The historian now collects testimonies from several generations of inhabitants. "& Nbsp; They are a little suspicious, and sometimes feel excluded from official commemorations & nbsp;". To celebrate the 30th anniversary of the fall of the wall, the federal government has posted posters tinged with humor in the city about German identity and the unity of the country. "& Nbsp; It's so German & nbsp;! & Nbsp;" reads a photo of feet wearing socks under sandals, and "& nbsp; Germany is a & nbsp;". The image leaves residents relatively indifferent.

Even if it fell just 30 years ago, the wall still exists: & nbsp; wages are lower in eastern regions, as are pensions. The difference in median annual income between the "two" Germany was still 3,623 euros in 2016 *. "My aunt drives an hour each day to work in the West because she is paid much more there than she would be here," said 24-year-old Elisa.

Another discrepancy, pointed out by all the inhabitants of Erfurt that we meet: the East Germans are underrepresented in the economic, political and scientific elites. According to local historian Christiane Kuller, this absence & nbsp; may partly explain the success of the anti-system discourses carried out notably by the AfD against the two traditional parties, the CDU (center right) and the SPD (center left).

However, Erfurt and Thuringia are doing relatively well economically. After 1990, the region developed its automobile industry and optical technologies. In 2017, the unemployment rate was 4.4%, barely above the national average (3.8%) **. But Sebastian, 30, who came from the suburb of Eisenach, 70 km to the west, to work in the restaurant industry, sees the difference with his hometown: & nbsp; "& nbsp;" The big cities are are doing well, but the smallest have damaged roads, bad transport, there is less work… I am very fortunate not to have known the GDR! & nbsp; But I can understand that a lot of people would like to come back at that time & nbsp; ". & nbsp; The older ones, mainly.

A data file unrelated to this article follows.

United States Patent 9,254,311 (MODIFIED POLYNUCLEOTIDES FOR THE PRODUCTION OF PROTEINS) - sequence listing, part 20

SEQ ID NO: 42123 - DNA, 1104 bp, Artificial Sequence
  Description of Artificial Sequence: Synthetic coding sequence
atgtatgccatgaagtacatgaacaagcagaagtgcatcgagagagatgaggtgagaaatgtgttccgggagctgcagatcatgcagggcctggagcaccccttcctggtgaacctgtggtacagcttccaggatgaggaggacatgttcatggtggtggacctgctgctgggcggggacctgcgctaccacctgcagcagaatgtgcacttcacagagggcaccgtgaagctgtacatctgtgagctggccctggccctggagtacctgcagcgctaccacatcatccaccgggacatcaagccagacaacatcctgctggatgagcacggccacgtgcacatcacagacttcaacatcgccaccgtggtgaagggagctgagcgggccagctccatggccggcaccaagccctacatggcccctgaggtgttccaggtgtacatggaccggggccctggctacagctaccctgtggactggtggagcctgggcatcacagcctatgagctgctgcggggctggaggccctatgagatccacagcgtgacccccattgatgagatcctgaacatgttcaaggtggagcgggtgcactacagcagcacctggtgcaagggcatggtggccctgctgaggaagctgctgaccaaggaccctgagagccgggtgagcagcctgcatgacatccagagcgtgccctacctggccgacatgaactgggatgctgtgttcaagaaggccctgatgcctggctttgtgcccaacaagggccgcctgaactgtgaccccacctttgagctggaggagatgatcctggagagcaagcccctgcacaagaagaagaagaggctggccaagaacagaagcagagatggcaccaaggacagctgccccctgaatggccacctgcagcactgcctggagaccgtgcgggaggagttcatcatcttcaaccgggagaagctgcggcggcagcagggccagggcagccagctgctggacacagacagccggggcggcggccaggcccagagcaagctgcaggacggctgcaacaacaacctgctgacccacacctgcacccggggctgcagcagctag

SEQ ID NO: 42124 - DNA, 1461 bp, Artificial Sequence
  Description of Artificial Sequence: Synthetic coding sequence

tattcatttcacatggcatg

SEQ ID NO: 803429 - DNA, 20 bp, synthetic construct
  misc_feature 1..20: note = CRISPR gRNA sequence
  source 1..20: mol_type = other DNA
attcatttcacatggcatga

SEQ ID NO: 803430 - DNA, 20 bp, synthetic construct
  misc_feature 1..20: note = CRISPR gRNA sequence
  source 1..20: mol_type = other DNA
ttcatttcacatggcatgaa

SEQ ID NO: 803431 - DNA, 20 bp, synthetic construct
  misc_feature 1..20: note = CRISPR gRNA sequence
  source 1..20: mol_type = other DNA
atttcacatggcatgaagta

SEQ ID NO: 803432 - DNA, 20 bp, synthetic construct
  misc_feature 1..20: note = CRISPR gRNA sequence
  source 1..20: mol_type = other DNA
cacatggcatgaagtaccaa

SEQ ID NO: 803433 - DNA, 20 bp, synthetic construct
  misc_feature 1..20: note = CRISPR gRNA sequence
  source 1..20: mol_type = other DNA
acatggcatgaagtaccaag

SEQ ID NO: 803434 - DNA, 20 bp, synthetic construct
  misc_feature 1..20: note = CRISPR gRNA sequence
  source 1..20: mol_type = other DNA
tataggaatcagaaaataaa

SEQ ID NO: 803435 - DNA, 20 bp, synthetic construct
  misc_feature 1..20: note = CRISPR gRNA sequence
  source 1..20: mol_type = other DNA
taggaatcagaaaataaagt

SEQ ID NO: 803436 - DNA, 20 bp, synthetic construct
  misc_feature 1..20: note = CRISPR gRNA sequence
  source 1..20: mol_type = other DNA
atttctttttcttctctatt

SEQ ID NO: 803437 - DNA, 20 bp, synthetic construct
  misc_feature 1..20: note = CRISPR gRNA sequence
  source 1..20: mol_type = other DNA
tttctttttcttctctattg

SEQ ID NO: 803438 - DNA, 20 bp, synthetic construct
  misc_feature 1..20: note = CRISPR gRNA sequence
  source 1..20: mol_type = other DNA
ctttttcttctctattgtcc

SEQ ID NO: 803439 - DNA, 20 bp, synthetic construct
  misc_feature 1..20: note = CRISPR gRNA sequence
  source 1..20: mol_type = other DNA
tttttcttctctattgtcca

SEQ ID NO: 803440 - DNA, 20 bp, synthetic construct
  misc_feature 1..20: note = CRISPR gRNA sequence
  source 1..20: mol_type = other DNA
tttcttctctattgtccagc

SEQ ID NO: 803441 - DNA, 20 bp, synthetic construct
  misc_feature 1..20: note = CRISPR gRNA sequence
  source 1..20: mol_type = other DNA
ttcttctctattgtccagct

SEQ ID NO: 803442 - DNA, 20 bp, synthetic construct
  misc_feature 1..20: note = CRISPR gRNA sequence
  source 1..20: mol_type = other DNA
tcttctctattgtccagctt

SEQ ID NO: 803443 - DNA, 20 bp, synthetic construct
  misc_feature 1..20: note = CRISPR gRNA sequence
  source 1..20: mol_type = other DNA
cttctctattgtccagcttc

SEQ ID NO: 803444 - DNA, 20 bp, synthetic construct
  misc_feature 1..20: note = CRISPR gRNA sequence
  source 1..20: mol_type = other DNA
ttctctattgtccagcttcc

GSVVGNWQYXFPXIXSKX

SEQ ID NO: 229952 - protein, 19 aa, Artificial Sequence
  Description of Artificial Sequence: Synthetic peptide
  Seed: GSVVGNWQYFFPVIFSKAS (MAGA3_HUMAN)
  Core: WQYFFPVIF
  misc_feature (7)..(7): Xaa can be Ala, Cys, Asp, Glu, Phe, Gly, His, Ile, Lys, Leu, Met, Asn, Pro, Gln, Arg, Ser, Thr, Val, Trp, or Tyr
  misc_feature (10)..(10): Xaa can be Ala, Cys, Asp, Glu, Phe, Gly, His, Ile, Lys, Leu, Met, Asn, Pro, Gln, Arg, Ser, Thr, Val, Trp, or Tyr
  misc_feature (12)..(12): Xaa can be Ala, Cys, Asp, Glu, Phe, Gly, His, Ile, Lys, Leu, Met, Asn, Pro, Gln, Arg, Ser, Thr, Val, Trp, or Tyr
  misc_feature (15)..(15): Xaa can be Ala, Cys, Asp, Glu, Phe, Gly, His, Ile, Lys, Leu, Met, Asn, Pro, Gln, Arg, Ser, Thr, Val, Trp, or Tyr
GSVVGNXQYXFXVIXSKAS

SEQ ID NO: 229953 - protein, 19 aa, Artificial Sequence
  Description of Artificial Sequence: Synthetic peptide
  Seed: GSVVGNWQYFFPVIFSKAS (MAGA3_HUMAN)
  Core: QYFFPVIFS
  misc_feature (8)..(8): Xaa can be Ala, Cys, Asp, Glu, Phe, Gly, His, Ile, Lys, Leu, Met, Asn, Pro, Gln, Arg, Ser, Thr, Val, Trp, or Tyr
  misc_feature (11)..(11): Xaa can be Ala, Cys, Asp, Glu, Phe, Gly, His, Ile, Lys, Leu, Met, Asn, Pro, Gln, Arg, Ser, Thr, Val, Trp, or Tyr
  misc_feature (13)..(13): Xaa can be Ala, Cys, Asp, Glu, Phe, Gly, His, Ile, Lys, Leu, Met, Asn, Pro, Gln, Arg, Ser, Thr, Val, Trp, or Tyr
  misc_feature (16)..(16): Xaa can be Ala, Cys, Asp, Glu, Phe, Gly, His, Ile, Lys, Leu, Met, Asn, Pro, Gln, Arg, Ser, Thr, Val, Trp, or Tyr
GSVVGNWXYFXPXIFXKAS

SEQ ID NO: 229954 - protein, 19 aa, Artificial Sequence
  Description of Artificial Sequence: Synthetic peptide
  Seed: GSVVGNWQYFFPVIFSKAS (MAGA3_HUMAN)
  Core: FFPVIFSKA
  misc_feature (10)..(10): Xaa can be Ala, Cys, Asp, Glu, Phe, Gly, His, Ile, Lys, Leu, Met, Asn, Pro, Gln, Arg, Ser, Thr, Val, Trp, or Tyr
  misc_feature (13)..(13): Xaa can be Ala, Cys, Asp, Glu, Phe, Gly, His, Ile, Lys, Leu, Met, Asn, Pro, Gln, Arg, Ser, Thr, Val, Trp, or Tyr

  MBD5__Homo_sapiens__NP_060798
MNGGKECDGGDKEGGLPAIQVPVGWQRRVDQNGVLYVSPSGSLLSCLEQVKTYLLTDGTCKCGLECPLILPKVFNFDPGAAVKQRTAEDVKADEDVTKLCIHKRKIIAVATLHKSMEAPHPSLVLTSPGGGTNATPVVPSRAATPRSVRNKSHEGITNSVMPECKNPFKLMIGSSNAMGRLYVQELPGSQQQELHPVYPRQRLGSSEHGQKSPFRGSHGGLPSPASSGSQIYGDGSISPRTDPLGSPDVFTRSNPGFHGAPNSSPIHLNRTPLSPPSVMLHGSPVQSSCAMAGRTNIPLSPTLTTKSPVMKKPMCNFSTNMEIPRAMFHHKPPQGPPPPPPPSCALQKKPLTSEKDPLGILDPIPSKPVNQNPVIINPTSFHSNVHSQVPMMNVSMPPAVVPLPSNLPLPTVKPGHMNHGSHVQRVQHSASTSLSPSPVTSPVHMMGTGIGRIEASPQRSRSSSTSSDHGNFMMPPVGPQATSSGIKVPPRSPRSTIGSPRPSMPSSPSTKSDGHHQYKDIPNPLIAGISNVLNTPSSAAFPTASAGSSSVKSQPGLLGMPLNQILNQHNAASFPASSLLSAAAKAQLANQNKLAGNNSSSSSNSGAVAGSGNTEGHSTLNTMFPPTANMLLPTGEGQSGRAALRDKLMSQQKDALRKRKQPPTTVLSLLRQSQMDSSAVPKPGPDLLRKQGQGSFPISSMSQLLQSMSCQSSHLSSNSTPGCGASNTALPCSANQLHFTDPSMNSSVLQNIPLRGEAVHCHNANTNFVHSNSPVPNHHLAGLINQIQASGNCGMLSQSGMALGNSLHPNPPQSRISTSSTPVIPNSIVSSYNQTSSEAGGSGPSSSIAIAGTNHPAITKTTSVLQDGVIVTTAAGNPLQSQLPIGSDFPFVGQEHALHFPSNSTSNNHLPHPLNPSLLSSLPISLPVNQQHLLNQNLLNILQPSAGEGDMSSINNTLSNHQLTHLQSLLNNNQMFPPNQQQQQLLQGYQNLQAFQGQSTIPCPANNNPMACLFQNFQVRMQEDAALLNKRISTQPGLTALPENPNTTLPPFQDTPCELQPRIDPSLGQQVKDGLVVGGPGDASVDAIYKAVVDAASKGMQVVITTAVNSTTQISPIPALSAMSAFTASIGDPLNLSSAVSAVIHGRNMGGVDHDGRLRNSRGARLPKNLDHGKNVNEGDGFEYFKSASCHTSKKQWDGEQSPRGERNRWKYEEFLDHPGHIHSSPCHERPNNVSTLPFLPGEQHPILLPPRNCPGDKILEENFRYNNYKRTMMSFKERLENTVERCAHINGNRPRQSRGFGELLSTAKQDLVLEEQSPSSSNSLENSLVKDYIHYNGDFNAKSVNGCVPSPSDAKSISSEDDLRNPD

According to a survey published in 2018, around 40% of Thuringian people aged 35 to 59 believe that the GDR "had more good sides than bad", and almost 50% of those aged 60 and over more. On the other hand, two thirds of 18-25 year-olds think the opposite, and a third "& nbsp; don't know & nbsp;" or do not wish to comment ***.

As a country child near Erfurt, Elisa became a teacher after studying in New York. Unlike other young people in the East, she wants to work here. “& Nbsp; My parents and grandparents couldn't travel. They learned Russian at school, not English. They had to be on the waiting list to hope to have a car ... I can see how lucky I am. My life is easier than theirs, and I can travel, express my opinions freely, ”she smiles. The city has a financially accessible university, modern transport and many leisure activities.

On campus, many native students from the east and many from the west mix and chat in the cafeteria. If they say they are little concerned with a wall and a regime that fell before their birth, they identify themselves, sometimes in spite of themselves, based on this past. "& Nbsp; When you start talking to someone, and you say which city you come from, subconsciously, we are going to be located in the East or West & nbsp;", says Elisa. Little versed in posturing, she understands that older generations are a little more sensitive to it: & nbsp; "& nbsp;" My parents enjoy their life today. But they also say that before 1989, wage inequalities were less marked and the cost of living was lower & nbsp; ". Like her, Denis, 24, is looking to the future: "& nbsp;" & nbsp; Over time, East / West inequalities will eventually disappear, I think ... I hope & nbsp;! & Nbsp; ".